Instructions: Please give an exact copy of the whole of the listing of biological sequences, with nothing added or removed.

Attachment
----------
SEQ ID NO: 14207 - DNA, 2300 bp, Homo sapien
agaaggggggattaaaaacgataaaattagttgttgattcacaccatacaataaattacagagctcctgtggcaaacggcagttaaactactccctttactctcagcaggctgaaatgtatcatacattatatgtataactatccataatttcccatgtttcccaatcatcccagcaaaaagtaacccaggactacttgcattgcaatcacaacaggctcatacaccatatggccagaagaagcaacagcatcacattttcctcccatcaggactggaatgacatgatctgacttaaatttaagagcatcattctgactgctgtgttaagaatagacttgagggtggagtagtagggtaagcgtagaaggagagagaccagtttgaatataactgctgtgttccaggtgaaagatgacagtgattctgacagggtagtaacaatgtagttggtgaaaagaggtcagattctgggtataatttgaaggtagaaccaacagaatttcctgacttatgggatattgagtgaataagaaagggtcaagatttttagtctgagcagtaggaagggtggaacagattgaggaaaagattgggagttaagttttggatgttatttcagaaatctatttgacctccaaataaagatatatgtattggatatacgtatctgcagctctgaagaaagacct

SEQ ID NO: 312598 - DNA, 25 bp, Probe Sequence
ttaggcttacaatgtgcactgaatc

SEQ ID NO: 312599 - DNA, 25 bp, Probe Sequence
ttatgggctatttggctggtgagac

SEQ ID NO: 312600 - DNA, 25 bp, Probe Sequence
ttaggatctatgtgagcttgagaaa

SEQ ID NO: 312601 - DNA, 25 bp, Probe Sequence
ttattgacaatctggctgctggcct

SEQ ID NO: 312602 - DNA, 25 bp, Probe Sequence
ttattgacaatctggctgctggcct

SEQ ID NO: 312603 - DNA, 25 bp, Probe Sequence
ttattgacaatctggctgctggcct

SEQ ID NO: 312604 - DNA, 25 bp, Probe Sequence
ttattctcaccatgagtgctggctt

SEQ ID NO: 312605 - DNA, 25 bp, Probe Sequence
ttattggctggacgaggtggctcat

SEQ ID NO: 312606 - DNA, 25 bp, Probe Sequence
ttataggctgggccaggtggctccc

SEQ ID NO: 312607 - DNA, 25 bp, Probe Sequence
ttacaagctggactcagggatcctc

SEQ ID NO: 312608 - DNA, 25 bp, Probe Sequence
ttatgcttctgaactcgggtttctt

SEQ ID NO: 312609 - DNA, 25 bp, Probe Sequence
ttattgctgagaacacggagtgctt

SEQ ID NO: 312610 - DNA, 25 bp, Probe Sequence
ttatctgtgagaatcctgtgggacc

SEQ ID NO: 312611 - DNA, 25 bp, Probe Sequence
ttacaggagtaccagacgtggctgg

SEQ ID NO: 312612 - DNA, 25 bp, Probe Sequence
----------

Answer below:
SEQ ID NO: 14207 - DNA, 2300 bp, Homo sapien
agaaggggggattaaaaacgataaaattagttgttgattcacaccatacaataaattacagagctcctgtggcaaacggcagttaaactactccctttactctcagcaggctgaaatgtatcatacattatatgtataactatccataatttcccatgtttcccaatcatcccagcaaaaagtaacccaggactacttgcattgcaatcacaacaggctcatacaccatatggccagaagaagcaacagcatcacattttcctcccatcaggactggaatgacatgatctgacttaaatttaagagcatcattctgactgctgtgttaagaatagacttgagggtggagtagtagggtaagcgtagaaggagagagaccagtttgaatataactgctgtgttccaggtgaaagatgacagtgattctgacagggtagtaacaatgtagttggtgaaaagaggtcagattctgggtataatttgaaggtagaaccaacagaatttcctgacttatgggatattgagtgaataagaaagggtcaagatttttagtctgagcagtaggaagggtggaacagattgaggaaaagattgggagttaagttttggatgttatttcagaaatctatttgacctccaaataaagatatatgtattggatatacgtatctgcagctctgaagaaagacct

SEQ ID NO: 312598 - DNA, 25 bp, Probe Sequence
ttaggcttacaatgtgcactgaatc

SEQ ID NO: 312599 - DNA, 25 bp, Probe Sequence
ttatgggctatttggctggtgagac

SEQ ID NO: 312600 - DNA, 25 bp, Probe Sequence
ttaggatctatgtgagcttgagaaa

SEQ ID NO: 312601 - DNA, 25 bp, Probe Sequence
ttattgacaatctggctgctggcct

SEQ ID NO: 312602 - DNA, 25 bp, Probe Sequence
ttattgacaatctggctgctggcct

SEQ ID NO: 312603 - DNA, 25 bp, Probe Sequence
ttattgacaatctggctgctggcct

SEQ ID NO: 312604 - DNA, 25 bp, Probe Sequence
ttattctcaccatgagtgctggctt

SEQ ID NO: 312605 - DNA, 25 bp, Probe Sequence
ttattggctggacgaggtggctcat

SEQ ID NO: 312606 - DNA, 25 bp, Probe Sequence
ttataggctgggccaggtggctccc

SEQ ID NO: 312607 - DNA, 25 bp, Probe Sequence
ttacaagctggactcagggatcctc

SEQ ID NO: 312608 - DNA, 25 bp, Probe Sequence
ttatgcttctgaactcgggtttctt

SEQ ID NO: 312609 - DNA, 25 bp, Probe Sequence
ttattgctgagaacacggagtgctt

SEQ ID NO: 312610 - DNA, 25 bp, Probe Sequence
ttatctgtgagaatcctgtgggacc

SEQ ID NO: 312611 - DNA, 25 bp, Probe Sequence
ttacaggagtaccagacgtggctgg

SEQ ID NO: 312612 - DNA, 25 bp, Probe Sequence